Discover the lighthouses of South East Scotland. The region extends from the Scottish Borders at Berwickshire, through Leith and Edinburgh, Fife and Angus.
Please note that some of these lighthouses offer holiday accommodation, or may be privately owned. Please take care not to trespass or drive on private property.
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Lighthouses of South East Scotland
The Berwickshire Coastal Path starts from the English border heading up to the fishing town of Eyemouth.
On October 14th 1881 a storm raged around Eyemouth, with the consequent loss of 23 boats and 129 men. The museum at Eyemouth tells the story, and also the history of the fishing and herring trade in the area.
Just beyond Eyemouth is the headland of St Abbs Head, part of the St Abbs Head National Nature Reserve. The village of St Abbs is tucked into the bottom of the cliffs. From here the cliffs rise up to 300 feet. The short tower of St Abbs Head Lighthouse stands perched on the edge of the cliffs at St Abbs Head.
The train from Berwick to Edinburgh is a scenic route, and passes Barns Ness Lighthouse, just a few miles from the fishing harbour at Dunbar. The lighthouse was decommissioned in 2005 and now offers holiday accommodation.
The ruined Tantallon Castle, near North Berwick, is one of the best places for impressive views out to Bass Rock.
Bass Rock is about 1½ miles offshore, and rises to around 350 feet. It is now a sanctuary for gannets, puffins and other seabirds. It was also a refuge, and from 1691 – 1694 a garrison for James II against William III.
The lighthouse and its now silent foghorn was established in 1902.
At North Berwick, the Scottish Seabird Centre Boat is worth a visit. Webcams have been set up to watch live streams of the birds on Bass Rock. Boat trips go out from North Berwick out to Bass Rock and Fidra islands.
Close to Dirleton at Yellowcraig Beach, the island of Fidra is just offshore, and the lighthouse is clearly visible from here. Fidra Lighthouse was built in 1885 and is now operated by Forth Ports plc.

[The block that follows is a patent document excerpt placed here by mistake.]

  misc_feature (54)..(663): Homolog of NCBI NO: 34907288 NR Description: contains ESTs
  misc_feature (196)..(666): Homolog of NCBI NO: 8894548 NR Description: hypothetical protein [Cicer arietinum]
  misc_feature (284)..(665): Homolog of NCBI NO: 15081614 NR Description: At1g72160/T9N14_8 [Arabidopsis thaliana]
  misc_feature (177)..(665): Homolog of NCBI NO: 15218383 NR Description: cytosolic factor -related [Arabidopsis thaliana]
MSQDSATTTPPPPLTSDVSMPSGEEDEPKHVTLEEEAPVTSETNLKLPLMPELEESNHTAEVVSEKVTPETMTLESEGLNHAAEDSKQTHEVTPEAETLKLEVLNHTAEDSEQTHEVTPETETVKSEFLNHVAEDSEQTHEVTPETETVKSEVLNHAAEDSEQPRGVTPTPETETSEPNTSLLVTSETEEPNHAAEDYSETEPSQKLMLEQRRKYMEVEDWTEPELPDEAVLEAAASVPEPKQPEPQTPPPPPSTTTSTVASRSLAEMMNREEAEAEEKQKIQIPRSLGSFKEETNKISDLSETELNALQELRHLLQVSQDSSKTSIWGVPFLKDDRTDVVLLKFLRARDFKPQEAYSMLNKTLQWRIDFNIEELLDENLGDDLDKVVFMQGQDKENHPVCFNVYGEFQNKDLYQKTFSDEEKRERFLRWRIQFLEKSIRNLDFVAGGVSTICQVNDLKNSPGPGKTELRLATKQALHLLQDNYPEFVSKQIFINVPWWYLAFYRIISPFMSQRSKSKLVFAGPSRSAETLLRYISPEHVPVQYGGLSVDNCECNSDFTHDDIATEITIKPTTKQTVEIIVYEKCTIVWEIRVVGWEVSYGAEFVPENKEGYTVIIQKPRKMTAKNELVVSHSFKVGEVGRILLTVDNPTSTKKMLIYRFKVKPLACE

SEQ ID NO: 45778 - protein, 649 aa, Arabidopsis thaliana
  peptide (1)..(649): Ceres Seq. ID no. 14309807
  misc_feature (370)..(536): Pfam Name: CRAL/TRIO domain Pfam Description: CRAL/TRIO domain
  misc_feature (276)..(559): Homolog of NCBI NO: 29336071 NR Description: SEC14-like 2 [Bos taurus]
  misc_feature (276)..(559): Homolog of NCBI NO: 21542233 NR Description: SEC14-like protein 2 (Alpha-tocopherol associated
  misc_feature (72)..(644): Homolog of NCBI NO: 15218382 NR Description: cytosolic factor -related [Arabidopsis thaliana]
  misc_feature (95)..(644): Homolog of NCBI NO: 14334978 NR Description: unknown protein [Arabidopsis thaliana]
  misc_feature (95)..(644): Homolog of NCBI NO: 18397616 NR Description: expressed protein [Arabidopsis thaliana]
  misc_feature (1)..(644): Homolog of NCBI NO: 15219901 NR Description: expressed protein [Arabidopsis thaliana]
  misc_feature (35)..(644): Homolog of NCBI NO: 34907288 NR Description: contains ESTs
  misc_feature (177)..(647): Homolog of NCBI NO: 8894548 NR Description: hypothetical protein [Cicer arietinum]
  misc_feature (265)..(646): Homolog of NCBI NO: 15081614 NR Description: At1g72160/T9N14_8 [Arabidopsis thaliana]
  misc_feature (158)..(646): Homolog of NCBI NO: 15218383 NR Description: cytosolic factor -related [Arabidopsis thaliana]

Heading towards Edinburgh, the coastal suburb of Portobello affords fine views into the Firth of Forth.
Leith was Edinburgh’s port for centuries and was absorbed into the city of Edinburgh in 1920. From here the Water of Leith enters the Firth of Forth.
There is a wealth of lighthouse history and places to visit in Edinburgh and the surrounding areas. For more information take the Edinburgh Lighthouse Tour.
The former tender Fingal is now permanently moored in Leith a luxury floating hotel.
Newhaven was a fishing harbour and has a pretty lighthouse in the harbour, which has been decommissioned.
Edinburgh is a lively and historic city, with much to offer. The headquarters of the NLB are located in George Street with a working replica lighthouse above the entrance door.
At Baxters Place near Calton Hill is the former home of the lighthouse Stevenson family, now a luxury hotel and restaurant.
Several museums in Edinburgh have lighthouse optics and artefacts. If you get the chance to visit the National Museum of Scotland, you will see several impressive optics.
If you are interested in the Stevenson family of lighthouse engineers, there are several cemeteries in Edinburgh to visit.
From the Royal Mile, the Scott monument is worth a climb with impressive views across the Firth Of Forth.
Heading north along the harbour, the former lighthouse depot at Granton rises alongside warehouses in the street. This was the training depot, and the harbour was used nearby by the lighthouse service. Close by the former shore station used by families of lighthouse keepers can be seen at Salveson Cresecent. These are now private residences.
Firth of Forth
In the Forth estuary are several islands, including Inchkeith which is dominated by its lighthouse. Oxcars was the first to first manned Northern Lighthouse Board lighthouse to be converted to automatic operation in 1894. Boat trips can be taken out into the estuary from South Queensferry.
Heading across the Forth Bridge into Fife, the impressive bridges span the estuary. The former North Queensferry Lighthouse is in the shadow of the rail bridge. The lighthouse is sometimes open to the public and you can light the lamp.